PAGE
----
How Do Web-Based Vehicle Tracking Systems Work?

April 10, 2020 Published by

Web-based vehicle tracking systems are impressive pieces of technology that can deliver many benefits. This article goes over how web-based arrangements work, what other options are out there, and the cost and benefits of setting up a web-based system.

How Do Web-Based Vehicle Tracking Systems Work?

Web-based vehicle tracking systems predominantly rely on the Global Positioning System, owned by the US government.

Certain systems use the Global Navigation Satellite System, or GLONASS, which is operated by Russia. For this post, GPS is the focus. GPS makes use of a network of satellites to identify the position of various entities that use the network, including vehicle monitoring devices.

As described on Wikipedia, a tracking arrangement typically involves the monitoring device itself, the monitoring server, and the user interface.

The device is mounted on the vehicle to be tracked. GPS data is collected by the device as the vehicle moves around. The information gathered from the device makes its way to the server via satellite or cellular means.

Then, it goes to the UI, where the user can view it via the internet. The end result is real-time monitoring.

Along with the vehicle’s physical position, systems can harvest and report on data such as speed, fuel usage, and maintenance status.

This data can be delivered quite frequently. For instance, some networks deliver updated information every two minutes. Additionally, the use of multiple satellites means that web-based GPS setups have a very robust coverage area, which is a huge plus for fleets that operate in otherwise remote areas.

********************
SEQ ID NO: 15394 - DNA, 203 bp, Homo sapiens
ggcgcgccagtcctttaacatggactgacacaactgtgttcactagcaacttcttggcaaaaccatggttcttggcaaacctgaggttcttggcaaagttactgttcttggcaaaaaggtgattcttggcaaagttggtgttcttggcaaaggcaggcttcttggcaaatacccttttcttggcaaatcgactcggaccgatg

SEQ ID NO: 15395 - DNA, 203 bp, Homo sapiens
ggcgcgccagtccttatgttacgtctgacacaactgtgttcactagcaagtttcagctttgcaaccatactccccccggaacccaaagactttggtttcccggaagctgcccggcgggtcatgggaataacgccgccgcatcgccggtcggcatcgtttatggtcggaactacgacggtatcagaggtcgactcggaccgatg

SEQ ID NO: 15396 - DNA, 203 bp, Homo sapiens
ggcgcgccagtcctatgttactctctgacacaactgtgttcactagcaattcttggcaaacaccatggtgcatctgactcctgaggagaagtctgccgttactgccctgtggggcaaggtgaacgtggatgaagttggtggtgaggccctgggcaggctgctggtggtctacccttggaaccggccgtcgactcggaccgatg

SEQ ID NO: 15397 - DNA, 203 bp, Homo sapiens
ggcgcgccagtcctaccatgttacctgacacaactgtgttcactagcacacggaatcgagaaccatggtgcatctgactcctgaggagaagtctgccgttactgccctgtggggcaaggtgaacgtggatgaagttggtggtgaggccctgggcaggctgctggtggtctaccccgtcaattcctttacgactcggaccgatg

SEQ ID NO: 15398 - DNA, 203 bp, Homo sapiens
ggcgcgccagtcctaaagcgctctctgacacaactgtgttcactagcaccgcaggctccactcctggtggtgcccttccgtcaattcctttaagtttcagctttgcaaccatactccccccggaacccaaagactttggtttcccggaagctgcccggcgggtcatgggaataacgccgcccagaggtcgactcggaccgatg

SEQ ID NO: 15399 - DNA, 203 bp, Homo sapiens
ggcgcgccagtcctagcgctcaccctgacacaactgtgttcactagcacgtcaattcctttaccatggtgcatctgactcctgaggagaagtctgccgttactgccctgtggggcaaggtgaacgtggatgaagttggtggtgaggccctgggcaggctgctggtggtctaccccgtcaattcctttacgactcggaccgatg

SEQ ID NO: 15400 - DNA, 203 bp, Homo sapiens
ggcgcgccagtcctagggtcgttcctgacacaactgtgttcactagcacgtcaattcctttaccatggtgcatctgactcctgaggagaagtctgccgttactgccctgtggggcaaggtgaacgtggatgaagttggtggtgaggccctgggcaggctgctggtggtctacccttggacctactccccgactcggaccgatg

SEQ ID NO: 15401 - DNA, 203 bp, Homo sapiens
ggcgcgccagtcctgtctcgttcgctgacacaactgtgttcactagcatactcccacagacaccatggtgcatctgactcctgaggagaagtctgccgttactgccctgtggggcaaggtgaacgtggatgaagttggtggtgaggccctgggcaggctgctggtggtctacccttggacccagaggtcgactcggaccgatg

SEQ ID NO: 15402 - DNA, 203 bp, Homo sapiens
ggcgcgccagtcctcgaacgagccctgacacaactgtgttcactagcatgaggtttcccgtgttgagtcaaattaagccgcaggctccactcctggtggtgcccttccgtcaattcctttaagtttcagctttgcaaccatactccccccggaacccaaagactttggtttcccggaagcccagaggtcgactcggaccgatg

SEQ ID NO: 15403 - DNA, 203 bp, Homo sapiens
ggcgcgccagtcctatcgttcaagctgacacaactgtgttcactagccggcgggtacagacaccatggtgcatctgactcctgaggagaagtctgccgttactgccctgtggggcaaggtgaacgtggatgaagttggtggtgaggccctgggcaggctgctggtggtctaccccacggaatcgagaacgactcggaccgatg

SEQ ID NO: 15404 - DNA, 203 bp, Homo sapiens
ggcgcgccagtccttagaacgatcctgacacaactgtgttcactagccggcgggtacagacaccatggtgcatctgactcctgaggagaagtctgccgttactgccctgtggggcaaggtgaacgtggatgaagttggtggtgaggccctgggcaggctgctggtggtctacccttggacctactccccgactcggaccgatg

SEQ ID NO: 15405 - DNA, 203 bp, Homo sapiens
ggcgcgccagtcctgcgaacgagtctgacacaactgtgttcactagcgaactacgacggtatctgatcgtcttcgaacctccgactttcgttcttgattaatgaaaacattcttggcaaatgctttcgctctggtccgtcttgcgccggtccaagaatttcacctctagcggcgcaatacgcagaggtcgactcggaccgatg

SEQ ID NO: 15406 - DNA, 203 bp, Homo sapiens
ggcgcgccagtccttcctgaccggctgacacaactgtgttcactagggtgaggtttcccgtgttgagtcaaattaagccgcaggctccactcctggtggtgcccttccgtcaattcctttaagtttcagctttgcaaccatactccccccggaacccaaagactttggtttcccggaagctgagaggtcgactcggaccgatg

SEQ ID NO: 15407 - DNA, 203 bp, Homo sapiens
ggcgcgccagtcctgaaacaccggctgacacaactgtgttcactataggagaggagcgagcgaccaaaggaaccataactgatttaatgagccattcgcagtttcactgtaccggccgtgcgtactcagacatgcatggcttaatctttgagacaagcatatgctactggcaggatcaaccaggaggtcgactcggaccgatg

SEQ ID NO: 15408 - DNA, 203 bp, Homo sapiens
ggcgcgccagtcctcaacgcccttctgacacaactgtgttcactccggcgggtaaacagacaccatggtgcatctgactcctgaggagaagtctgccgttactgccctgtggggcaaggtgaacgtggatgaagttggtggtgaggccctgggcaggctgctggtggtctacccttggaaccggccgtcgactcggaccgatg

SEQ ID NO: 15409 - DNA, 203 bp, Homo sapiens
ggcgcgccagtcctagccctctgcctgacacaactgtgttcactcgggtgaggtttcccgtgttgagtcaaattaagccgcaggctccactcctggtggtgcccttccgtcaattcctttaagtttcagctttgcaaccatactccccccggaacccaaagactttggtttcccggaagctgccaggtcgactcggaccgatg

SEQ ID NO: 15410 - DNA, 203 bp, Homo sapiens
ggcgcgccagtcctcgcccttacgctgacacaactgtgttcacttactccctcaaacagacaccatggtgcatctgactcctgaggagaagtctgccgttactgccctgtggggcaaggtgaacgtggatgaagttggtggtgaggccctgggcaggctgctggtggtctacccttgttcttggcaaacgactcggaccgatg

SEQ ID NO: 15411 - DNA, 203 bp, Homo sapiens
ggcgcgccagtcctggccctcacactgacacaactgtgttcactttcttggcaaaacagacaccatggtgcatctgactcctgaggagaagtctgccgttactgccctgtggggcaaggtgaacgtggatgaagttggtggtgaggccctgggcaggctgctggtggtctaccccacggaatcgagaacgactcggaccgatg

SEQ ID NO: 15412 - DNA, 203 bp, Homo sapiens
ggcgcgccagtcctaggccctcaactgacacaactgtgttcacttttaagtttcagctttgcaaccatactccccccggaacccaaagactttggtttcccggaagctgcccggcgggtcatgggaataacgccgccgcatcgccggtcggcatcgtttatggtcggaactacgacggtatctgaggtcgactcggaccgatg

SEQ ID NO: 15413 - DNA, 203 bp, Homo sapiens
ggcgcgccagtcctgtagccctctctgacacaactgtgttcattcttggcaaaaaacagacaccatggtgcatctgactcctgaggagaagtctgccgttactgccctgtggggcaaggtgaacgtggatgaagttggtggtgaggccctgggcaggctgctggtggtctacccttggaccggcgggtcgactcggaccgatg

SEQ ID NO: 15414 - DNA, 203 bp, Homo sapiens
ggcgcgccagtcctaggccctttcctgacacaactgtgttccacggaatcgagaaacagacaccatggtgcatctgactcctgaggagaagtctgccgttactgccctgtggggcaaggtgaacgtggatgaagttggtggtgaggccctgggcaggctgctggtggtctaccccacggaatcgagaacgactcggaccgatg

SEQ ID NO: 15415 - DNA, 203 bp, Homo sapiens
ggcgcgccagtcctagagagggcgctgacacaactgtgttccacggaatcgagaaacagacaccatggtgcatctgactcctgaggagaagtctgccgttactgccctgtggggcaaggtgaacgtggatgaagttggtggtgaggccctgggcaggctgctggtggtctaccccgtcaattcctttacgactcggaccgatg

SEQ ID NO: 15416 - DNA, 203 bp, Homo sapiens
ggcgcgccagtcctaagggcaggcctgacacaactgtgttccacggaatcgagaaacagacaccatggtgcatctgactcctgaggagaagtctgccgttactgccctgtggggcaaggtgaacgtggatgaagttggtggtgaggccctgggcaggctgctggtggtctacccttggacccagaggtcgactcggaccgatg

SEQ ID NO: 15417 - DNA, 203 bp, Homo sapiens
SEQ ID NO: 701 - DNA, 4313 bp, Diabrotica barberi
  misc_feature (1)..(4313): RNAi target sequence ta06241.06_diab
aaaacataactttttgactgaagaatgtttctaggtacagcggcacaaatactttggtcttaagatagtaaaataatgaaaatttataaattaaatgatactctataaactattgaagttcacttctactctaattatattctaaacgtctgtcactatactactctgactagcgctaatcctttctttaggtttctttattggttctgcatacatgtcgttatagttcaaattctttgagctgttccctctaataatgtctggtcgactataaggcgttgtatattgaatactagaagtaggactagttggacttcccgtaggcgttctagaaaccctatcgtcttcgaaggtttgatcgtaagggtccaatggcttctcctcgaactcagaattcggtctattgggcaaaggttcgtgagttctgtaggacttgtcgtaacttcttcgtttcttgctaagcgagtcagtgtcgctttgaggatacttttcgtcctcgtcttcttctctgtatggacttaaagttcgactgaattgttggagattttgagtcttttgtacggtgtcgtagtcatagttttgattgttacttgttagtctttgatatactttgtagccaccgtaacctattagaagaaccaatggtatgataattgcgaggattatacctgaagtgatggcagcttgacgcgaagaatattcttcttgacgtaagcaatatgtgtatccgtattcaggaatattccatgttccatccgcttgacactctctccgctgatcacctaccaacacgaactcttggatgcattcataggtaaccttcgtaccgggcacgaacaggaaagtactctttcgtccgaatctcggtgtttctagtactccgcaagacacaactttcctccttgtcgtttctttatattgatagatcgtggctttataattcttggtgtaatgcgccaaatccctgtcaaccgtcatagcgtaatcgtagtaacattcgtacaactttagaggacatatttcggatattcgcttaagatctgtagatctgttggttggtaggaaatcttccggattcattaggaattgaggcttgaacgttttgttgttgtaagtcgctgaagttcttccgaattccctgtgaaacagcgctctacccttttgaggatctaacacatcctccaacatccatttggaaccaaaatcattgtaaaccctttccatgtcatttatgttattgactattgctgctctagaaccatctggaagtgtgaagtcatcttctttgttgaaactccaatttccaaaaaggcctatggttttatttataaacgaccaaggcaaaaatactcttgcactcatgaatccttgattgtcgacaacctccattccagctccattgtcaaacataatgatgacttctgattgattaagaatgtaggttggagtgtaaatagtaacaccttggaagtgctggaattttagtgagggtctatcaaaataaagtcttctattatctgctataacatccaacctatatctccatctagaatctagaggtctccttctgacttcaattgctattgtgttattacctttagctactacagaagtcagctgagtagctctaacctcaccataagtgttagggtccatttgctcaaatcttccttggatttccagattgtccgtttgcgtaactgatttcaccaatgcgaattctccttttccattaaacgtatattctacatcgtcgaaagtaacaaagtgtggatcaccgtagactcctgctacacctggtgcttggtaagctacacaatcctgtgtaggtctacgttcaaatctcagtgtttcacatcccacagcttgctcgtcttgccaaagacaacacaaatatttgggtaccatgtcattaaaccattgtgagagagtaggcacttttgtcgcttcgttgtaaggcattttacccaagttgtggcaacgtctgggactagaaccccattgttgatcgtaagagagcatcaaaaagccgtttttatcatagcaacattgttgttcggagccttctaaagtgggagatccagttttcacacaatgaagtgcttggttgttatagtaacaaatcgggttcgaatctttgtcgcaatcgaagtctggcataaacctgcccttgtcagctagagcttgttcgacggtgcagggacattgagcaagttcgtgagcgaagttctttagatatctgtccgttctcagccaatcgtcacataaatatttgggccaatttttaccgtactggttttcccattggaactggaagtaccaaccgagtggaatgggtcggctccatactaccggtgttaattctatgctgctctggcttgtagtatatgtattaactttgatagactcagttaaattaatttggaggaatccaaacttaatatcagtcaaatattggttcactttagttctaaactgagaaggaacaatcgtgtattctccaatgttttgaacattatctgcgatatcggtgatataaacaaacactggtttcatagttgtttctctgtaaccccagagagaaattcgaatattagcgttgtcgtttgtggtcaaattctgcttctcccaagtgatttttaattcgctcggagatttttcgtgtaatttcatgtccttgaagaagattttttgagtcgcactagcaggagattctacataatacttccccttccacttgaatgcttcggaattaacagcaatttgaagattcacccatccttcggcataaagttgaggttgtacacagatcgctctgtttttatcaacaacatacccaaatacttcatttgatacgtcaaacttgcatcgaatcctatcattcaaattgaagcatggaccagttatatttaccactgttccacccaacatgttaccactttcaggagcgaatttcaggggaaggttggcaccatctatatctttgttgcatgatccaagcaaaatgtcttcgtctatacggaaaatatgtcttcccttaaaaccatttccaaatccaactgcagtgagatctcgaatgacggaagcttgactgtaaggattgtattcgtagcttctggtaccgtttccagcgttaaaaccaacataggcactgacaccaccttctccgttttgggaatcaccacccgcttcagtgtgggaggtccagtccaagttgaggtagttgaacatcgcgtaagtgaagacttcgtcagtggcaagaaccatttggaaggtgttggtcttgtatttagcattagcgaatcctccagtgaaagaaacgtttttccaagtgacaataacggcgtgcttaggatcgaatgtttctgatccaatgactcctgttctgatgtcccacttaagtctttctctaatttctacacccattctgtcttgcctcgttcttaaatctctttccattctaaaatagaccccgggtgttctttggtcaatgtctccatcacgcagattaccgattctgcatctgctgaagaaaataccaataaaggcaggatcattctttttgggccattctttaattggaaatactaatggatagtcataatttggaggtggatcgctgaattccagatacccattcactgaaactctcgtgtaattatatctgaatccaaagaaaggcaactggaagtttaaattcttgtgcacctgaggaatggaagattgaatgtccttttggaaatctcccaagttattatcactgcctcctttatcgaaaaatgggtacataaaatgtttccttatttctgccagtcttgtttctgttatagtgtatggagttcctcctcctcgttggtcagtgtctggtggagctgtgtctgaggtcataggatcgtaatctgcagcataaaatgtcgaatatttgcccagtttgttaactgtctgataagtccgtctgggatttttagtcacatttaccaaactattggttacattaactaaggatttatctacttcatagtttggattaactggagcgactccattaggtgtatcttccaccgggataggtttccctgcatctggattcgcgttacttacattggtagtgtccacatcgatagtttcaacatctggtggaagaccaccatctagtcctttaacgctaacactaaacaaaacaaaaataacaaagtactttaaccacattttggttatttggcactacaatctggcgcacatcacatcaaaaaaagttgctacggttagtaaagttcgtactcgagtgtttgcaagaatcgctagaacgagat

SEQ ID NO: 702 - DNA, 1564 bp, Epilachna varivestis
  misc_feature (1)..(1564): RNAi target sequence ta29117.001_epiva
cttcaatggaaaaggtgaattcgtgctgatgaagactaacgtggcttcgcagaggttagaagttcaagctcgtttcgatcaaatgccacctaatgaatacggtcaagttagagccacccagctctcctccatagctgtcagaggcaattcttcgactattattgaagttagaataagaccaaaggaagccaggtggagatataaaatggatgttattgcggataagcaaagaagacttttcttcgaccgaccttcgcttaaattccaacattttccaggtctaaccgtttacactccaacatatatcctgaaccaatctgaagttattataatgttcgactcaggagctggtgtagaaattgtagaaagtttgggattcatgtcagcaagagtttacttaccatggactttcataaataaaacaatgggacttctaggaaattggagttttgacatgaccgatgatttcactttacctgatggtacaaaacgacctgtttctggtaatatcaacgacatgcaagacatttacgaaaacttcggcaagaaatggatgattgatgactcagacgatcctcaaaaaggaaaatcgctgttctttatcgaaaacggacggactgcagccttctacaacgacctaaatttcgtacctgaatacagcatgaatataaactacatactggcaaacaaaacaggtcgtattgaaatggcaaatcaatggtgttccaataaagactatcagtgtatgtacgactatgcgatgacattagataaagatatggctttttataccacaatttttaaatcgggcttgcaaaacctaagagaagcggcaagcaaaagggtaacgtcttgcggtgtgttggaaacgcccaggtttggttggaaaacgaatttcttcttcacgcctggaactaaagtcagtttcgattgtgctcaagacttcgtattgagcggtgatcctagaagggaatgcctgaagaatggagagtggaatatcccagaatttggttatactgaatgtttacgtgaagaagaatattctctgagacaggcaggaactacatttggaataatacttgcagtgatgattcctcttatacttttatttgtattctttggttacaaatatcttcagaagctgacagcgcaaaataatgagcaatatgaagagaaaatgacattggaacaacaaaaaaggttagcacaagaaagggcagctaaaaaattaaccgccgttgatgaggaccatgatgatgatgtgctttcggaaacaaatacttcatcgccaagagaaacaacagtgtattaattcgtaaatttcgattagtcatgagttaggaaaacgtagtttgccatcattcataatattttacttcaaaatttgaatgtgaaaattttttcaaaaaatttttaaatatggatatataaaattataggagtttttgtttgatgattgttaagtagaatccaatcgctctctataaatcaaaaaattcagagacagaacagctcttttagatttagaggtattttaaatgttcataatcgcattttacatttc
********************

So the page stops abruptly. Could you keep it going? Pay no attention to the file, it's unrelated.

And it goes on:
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What Other Types of Tracking Systems are There?

Though the aforementioned type of arrangement is very effective for monitoring vehicles, there are other arrangements in use as well.

For instance, It Still Works describes radio frequency identification tracking in detail here. An RFID tracker uses “small tags containing a microchip or transistor,” which include “encoded information.” The arrangement also uses an antenna.

The tag scans for signals, and when it picks up the right one, it responds with the information that is encoded. It is effective for detecting items from a distance of several feet, which is why RFID mechanisms are commonly used to deter shoplifting.

Interestingly, trackers have an additional retail application beyond detecting traditional shoplifters: They can also prevent people from stealing entire shopping carts!

Additionally, trackers in supermarket shopping carts can be used in conjunction with loyalty cards to deliver data on a customer’s habits to advertising teams.
Personal trackers are another species of monitoring device.

These use GPS to keep tabs on the location of people or pets. They are often contained in something small like a bracelet. In the case of pets, a common application is outfitting a dog with a GPS-equipped collar. If the dog escapes, the owner can easily find its whereabouts and rescue it.